11/09/06 New public uses offered for toxic shipyard Nearly ten years after adoption of a redevelopment plan for the Hunters Point Navy Shipyard on San Francisco Bay, a community-based design group is pressing for a major expansion of a planned 60-acre waterfront park to accommodate more varied public uses. See the plan.
11/09/06 Former NPS director Bill Whalen remembered for great achievements and spirited activism The flag was at half-staff, and an honor guard of four mounted National Park Service police stood outside the Fort Mason Officers Club, as family and freinds of William J. Whalen III met to celebrate the memory of a remarkable man and an equally remarkable career. Join the ceremony.
11/02/06 Record fire season not over, officials warn Even before the Esperanza fire in Southern California claimed the lives of five Forest Service firefighters, this year was already considered among the worst for wildfires across the U.S. See why here.
11/02/06 Parties must wait for decision on forest plan rule Judge Phyllis Hamilton told parties she is not ready to rule on summary motions in two consolidated cases challenging the Bush administration's revisions to a planning rule that affects all 192 milion acres of national forest. During oral arguments in San Francisco, Nov. 1, both sides agreed the revision amounted to a "paradigm shift" in how the Forest Service directs local units to devise forest managemen plans. But what the government described as "changing to a more flexible and less prescriptive framework, the plaintiffs criticized as "moving from a protective standard to a weaker one." Find the court report here.
10/26/06 No perfect solution for Salton Sea restoration, but many options
The Salton Sea, California's largest lake and long a desert refuge for vacationers and hundreds of species of migrating birds, will inevitably shrink in volume and lose surface area over the next two decades, as about half of current inflows are diverted to help quench Southern California's unflagging thirst for water. Exactly how to prevent or mitigate the worst problems associated with this situation -- increased salinity, worsening air quality, continued threats to the local economy and the virtual elimination of fish and wildlife -- has become a top priority for government officials, agricultural groups, Indian tribes and environmentalists. But it is also a conundrum, as starkly differing visions of how to preserve and restore this inland sea have made it difficult to reach consensus on a workable, affordable strategy. Read all about it here.
10/26/06 New tax law spurs interest, activity in easement transactions
A recently passed law that provides generous tax deductions to landowners who enter into irrevocable conservation easements on their properties is already spurring new transactions involving thousands of acres of forest, ranch and farmlands. However, because the deduction carries an end-of-2007 sunset date, private land trusts across the country are scrambling to complete easement transactions and to inform potential users of the program about its availability. Look for the report here.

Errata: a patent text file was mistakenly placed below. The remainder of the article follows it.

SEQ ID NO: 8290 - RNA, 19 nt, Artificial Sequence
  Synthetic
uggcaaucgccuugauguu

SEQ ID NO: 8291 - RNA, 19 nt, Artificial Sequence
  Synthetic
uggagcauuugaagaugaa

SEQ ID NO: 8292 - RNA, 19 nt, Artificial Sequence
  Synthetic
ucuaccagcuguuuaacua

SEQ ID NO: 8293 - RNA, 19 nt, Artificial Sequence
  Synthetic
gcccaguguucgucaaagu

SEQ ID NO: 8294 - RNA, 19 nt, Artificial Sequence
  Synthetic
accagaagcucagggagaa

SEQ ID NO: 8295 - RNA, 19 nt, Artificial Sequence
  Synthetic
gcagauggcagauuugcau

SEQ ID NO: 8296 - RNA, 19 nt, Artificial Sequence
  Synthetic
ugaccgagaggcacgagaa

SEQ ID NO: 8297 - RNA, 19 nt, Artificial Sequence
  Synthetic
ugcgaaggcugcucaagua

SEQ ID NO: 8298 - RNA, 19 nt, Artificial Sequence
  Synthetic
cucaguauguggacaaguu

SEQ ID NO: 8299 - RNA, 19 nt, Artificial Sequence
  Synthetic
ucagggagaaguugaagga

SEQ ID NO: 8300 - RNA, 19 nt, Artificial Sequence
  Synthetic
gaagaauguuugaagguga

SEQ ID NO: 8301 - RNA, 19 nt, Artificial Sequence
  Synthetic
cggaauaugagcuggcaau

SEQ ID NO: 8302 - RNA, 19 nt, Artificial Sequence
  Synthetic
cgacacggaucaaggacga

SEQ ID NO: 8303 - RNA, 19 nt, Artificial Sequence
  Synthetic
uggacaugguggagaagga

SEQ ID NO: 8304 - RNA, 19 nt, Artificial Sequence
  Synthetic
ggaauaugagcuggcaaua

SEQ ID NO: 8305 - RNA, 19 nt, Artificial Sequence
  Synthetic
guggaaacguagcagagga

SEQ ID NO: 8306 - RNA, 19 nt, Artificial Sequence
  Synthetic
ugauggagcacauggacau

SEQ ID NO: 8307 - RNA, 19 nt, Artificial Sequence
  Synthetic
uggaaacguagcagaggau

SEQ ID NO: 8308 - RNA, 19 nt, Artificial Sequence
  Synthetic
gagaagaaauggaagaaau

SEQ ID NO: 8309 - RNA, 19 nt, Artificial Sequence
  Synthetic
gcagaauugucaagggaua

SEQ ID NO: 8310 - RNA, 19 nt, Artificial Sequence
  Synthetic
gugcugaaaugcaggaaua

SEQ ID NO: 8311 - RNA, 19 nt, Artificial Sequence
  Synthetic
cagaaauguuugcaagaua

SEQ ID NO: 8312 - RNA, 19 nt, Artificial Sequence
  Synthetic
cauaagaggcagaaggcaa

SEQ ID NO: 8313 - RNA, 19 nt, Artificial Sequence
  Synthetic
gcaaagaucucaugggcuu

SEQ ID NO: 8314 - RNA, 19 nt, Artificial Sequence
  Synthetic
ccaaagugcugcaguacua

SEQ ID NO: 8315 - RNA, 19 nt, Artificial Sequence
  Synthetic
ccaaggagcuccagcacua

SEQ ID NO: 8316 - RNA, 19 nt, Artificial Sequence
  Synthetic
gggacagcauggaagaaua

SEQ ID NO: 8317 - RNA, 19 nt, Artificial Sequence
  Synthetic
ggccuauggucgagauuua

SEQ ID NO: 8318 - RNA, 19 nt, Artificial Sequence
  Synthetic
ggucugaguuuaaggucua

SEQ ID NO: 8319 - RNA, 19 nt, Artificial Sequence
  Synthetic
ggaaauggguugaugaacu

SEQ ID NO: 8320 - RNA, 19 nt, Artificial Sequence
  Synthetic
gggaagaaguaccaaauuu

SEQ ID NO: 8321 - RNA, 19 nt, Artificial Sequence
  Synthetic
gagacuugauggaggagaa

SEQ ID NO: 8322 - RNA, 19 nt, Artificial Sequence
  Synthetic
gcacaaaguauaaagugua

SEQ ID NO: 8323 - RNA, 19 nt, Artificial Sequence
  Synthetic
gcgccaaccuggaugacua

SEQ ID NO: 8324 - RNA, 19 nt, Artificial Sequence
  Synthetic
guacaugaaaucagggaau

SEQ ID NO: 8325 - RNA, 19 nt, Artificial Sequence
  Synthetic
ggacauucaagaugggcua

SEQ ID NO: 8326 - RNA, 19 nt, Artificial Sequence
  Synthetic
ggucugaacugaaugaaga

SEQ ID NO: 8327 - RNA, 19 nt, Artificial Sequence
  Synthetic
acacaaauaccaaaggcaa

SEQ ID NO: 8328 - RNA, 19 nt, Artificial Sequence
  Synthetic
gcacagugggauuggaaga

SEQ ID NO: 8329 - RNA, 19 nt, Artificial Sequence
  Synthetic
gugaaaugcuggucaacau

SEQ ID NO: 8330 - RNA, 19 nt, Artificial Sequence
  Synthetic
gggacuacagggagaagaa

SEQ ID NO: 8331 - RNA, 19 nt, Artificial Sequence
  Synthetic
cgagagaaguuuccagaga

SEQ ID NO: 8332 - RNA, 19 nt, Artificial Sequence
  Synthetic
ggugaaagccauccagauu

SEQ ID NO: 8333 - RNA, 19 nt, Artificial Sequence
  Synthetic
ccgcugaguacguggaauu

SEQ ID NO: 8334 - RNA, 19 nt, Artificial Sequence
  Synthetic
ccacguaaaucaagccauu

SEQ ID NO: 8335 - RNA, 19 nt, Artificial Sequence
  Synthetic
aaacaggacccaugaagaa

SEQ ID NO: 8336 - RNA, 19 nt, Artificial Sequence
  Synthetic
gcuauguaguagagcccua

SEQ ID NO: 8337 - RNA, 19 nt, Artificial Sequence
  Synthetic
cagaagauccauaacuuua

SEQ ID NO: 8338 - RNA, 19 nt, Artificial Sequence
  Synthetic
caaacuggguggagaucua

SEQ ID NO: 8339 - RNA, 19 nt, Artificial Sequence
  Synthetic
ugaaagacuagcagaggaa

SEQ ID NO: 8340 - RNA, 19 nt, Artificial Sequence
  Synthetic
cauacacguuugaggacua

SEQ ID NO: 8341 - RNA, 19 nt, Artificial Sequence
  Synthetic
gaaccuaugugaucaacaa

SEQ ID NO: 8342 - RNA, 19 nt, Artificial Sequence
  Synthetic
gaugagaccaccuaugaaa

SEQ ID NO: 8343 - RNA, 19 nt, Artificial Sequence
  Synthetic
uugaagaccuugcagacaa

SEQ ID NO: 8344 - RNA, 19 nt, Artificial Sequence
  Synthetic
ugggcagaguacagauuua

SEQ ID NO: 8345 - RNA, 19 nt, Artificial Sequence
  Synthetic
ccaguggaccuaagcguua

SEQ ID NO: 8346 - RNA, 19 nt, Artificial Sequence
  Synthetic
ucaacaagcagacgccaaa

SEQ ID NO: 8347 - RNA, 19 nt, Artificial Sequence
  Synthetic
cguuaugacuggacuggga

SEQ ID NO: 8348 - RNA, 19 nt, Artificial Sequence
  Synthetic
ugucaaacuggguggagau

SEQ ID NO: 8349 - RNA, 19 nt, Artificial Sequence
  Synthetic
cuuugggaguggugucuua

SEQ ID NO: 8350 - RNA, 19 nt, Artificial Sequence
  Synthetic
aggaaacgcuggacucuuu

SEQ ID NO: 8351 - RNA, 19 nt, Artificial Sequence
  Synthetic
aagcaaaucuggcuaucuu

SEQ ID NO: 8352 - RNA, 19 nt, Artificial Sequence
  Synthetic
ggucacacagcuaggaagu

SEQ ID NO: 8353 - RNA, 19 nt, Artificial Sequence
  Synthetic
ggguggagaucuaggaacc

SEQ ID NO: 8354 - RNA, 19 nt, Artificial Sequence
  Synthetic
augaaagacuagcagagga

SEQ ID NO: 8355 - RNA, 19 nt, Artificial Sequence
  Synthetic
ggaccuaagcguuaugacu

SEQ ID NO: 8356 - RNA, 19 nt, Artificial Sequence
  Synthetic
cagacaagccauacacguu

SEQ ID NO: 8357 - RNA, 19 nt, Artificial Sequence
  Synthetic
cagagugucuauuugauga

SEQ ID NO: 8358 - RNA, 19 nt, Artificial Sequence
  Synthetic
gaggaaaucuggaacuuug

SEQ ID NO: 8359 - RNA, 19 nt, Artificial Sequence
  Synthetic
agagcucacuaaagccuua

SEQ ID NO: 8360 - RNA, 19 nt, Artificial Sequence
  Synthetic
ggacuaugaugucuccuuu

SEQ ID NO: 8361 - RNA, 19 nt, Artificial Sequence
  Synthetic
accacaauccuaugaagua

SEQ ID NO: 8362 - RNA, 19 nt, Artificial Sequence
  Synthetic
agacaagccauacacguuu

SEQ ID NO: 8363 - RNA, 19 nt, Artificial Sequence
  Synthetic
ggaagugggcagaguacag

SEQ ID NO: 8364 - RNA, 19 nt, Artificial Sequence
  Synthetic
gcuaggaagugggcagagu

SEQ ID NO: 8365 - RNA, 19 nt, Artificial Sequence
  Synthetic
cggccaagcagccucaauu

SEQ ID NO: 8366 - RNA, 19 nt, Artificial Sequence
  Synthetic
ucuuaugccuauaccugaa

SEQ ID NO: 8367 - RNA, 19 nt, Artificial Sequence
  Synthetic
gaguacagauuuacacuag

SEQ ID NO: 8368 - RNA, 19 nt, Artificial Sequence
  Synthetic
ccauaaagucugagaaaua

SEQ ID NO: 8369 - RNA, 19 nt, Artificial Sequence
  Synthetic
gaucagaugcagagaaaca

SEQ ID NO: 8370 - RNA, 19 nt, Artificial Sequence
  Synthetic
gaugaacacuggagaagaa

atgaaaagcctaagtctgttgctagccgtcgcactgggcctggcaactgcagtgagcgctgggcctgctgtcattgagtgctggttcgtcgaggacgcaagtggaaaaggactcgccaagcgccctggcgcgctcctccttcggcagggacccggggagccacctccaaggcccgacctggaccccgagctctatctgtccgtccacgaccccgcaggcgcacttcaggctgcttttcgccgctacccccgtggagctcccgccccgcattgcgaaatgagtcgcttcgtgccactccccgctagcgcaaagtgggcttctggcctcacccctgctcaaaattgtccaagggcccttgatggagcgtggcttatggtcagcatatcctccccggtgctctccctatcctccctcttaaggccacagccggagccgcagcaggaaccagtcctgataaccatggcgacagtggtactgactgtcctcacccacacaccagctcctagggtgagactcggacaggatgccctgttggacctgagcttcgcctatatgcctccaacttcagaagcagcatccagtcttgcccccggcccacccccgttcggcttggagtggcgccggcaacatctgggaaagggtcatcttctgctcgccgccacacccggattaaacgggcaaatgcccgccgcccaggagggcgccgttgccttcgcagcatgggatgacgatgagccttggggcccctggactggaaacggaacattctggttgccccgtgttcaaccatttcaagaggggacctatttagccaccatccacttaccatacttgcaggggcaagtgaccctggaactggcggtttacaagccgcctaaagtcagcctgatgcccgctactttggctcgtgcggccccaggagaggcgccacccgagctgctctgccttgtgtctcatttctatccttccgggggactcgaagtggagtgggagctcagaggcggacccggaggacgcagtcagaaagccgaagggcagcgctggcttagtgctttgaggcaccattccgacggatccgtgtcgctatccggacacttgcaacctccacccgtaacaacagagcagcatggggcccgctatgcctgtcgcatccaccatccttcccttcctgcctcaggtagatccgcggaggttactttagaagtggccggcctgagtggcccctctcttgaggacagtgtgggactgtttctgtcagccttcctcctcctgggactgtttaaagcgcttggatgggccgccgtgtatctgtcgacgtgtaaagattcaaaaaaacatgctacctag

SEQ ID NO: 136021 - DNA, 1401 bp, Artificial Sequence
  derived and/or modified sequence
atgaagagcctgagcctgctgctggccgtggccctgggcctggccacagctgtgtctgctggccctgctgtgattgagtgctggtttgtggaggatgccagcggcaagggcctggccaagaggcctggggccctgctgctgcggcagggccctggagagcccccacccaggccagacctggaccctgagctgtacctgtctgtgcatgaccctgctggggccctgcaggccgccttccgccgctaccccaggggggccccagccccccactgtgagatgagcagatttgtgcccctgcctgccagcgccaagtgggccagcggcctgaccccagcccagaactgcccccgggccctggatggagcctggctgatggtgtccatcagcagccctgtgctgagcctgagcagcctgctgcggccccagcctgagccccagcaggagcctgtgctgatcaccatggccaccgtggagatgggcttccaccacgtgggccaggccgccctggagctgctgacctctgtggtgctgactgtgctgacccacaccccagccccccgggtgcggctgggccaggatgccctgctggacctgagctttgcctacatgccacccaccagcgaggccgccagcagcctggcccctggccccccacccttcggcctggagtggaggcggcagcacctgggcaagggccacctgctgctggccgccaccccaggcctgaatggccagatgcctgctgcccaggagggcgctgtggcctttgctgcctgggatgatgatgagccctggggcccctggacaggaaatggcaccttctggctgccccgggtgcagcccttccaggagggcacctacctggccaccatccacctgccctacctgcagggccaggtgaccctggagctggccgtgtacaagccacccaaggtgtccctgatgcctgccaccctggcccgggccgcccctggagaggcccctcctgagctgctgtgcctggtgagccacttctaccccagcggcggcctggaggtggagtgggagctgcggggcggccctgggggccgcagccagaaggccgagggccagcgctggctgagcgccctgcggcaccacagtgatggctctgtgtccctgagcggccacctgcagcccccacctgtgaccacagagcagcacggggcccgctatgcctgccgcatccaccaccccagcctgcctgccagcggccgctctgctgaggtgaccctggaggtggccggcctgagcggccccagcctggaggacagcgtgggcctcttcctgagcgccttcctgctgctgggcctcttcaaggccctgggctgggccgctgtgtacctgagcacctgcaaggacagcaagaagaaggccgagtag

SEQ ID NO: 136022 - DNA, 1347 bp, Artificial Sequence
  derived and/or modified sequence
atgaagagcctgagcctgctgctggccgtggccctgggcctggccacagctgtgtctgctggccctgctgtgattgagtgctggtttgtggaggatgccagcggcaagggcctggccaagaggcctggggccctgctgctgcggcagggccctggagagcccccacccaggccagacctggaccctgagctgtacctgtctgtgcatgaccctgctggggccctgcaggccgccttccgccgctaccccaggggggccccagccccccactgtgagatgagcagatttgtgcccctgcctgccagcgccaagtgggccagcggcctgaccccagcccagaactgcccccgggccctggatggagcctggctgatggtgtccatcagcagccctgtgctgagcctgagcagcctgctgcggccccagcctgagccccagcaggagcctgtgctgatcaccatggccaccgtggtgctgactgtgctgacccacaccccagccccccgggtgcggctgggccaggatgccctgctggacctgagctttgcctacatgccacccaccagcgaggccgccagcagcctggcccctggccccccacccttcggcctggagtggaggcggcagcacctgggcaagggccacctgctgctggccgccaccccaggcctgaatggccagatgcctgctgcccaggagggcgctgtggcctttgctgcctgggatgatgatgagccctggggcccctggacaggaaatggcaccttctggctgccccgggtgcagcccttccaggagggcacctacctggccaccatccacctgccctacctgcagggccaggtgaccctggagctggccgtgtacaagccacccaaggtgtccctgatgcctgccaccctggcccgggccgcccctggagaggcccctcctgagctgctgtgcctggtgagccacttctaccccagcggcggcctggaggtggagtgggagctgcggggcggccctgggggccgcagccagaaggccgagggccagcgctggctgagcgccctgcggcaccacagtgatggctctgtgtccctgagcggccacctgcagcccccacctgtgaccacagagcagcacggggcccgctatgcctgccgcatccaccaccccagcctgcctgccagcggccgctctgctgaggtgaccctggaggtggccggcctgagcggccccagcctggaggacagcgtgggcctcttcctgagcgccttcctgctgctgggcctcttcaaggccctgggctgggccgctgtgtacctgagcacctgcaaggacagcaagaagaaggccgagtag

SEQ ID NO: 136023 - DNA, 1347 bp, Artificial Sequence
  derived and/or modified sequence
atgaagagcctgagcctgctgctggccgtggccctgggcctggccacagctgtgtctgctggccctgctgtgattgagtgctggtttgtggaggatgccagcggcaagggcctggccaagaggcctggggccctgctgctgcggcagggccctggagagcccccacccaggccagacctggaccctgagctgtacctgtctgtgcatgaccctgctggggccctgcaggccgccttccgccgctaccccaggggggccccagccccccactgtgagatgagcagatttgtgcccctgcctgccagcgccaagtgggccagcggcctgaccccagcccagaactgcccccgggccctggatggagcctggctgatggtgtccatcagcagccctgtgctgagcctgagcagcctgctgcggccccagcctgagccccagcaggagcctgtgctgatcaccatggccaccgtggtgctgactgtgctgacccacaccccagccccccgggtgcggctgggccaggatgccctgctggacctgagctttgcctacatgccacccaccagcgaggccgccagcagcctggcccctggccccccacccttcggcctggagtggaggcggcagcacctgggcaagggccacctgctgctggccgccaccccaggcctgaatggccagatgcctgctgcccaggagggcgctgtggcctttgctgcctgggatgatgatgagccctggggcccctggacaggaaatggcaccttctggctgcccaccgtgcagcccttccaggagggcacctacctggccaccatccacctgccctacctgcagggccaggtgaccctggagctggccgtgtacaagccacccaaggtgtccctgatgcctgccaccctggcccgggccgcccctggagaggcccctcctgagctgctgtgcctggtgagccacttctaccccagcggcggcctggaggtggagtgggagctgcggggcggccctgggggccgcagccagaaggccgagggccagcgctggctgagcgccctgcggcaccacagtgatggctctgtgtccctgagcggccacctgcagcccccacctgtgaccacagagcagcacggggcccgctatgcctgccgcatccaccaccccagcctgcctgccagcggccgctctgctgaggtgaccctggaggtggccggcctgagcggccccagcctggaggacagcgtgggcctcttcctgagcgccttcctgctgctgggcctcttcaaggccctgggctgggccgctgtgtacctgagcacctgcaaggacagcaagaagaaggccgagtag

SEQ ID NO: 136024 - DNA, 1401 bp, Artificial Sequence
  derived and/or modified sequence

10/19/06 Storm clouds gather over tribal lands rights-of-way for energy
A little-noticed provision of the Energy Policy Act of 2005 has uncovered contentious issues about the renewal of rights-of-way across tribal lands for energy facilities. Section 1813(a) of EPAct directs the departments of Energy and Interior to provide an historic assessment of the rights-of-way valuation issues and to offer recommendations for Congress for methods of resolving problems and providing compensation for land use. Follow the news.
10/19/06 Complex forest land exchange in Oregon collapses
The proposed Blue Mountain Land Exchange, involving nearly 50,000 acres of federal forest land and private property in the Blue Mountain region of northeastern Oregon, has fallen victim to rising land values, declining timber values and a time-consuming process for approval. The complex deal, valued at more than $41 million, had been in the works for eight years, although the U.S. Forest Service began its formal process for evaluating the transaction in 2002. See what's behind the headline.
10/19/06 Montana mine OK conditioned by protections for grizzly bears, bull trout
The U.S. Fish and Wildlife Service on Oct. 13 determined that the proposed Rock Creek silver and copper mine in the Cabinet Mountains of Montana will not pose a significant danger to protected bull trout, and that mitigation plans funded by the developer will "produce a net positive effect for the Cabinet-Yaak ecosystem grizzly bear population."
Above articles are Copyright 2006 E&E Publishing, Inc.Copyright 2006 The Energy Overseer, All Rights Reserved For information about speaking availabilities, call 415-648-9405